The supposed hurt from being the goal of a lawsuit alleging sexual abuse isn’t sufficient to justify shrouding this case with a veil of secrecy…. In practically all civil and prison litigation filed in the USA Courts, one social gathering asserts that the allegations leveled in opposition to it by one other social gathering are obviously false, and the results of the litigation could shortly show that. Nonetheless, if the purported falsity of the grievance’s allegations had been ample to seal a complete case, then the legislation would acknowledge a presumption to seal as an alternative of a presumption of openness.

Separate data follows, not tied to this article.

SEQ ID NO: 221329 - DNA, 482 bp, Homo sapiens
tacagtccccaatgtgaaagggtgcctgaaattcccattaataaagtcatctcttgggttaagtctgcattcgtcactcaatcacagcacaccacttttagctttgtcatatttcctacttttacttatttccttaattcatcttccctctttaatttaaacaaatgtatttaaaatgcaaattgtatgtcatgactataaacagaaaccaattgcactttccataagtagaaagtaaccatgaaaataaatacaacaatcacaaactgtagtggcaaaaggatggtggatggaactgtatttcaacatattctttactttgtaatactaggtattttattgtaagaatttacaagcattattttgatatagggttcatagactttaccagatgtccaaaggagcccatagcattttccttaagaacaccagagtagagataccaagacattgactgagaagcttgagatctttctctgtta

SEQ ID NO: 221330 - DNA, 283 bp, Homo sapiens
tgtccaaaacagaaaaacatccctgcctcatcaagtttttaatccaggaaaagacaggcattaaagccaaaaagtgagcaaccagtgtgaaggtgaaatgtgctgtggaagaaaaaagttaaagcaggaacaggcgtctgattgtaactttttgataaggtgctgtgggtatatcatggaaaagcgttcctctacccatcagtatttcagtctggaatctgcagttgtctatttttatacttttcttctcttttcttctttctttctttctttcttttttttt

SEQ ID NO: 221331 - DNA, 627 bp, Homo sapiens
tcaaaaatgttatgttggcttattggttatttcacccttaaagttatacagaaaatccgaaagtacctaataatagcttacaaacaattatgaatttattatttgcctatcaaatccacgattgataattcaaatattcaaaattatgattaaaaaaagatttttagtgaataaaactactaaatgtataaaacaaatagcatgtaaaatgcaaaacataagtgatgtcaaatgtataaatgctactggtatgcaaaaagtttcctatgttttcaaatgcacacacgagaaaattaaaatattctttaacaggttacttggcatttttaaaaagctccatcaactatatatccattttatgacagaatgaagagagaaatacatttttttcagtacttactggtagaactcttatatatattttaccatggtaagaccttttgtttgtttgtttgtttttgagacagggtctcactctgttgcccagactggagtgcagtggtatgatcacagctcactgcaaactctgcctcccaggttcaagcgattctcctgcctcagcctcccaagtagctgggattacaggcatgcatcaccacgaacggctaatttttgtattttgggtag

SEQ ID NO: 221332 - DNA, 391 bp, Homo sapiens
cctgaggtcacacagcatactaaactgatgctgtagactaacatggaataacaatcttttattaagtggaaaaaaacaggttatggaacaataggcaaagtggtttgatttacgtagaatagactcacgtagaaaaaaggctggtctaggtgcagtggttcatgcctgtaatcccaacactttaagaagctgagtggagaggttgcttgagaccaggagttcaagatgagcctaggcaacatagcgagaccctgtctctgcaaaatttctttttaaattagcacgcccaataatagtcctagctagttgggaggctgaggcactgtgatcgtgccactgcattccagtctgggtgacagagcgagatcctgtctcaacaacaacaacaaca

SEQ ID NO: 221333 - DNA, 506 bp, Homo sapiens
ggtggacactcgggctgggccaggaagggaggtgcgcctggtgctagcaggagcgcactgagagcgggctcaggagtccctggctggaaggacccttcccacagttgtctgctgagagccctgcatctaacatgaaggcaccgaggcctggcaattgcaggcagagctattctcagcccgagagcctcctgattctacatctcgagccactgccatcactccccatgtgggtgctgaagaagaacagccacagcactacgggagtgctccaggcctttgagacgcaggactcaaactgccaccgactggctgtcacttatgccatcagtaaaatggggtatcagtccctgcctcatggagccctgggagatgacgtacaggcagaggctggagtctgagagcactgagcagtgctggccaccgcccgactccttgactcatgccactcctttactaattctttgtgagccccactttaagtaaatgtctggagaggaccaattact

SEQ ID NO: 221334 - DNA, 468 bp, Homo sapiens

Chalmers v. Martin, No. 21-cv-02468-NRN, 2021 WL 6136179, *2-*3 (D. Colo. Dec. 28, 2021) (cleaned up).

[I]t is troublesome to see how defendant [who is being sued for alleged child molestation] has set himself other than any particular person who could also be named as a defendant in a civil go well with for damages. It appears to this courtroom that any physician sued for medical malpractice, any lawyer sued for authorized malpractice, or any particular person sued for sexual molestation can assert that the plaintiff’s allegations will trigger hurt to his status, embarrassment and stress amongst his relations, and harm to his enterprise on account of the litigation. Any such physician or lawyer can even assert that the plaintiff’s act of naming him as a defendant is a bad-faith tactic to induce settlement and reap financial acquire on the defendant’s expense by way of baseless allegations.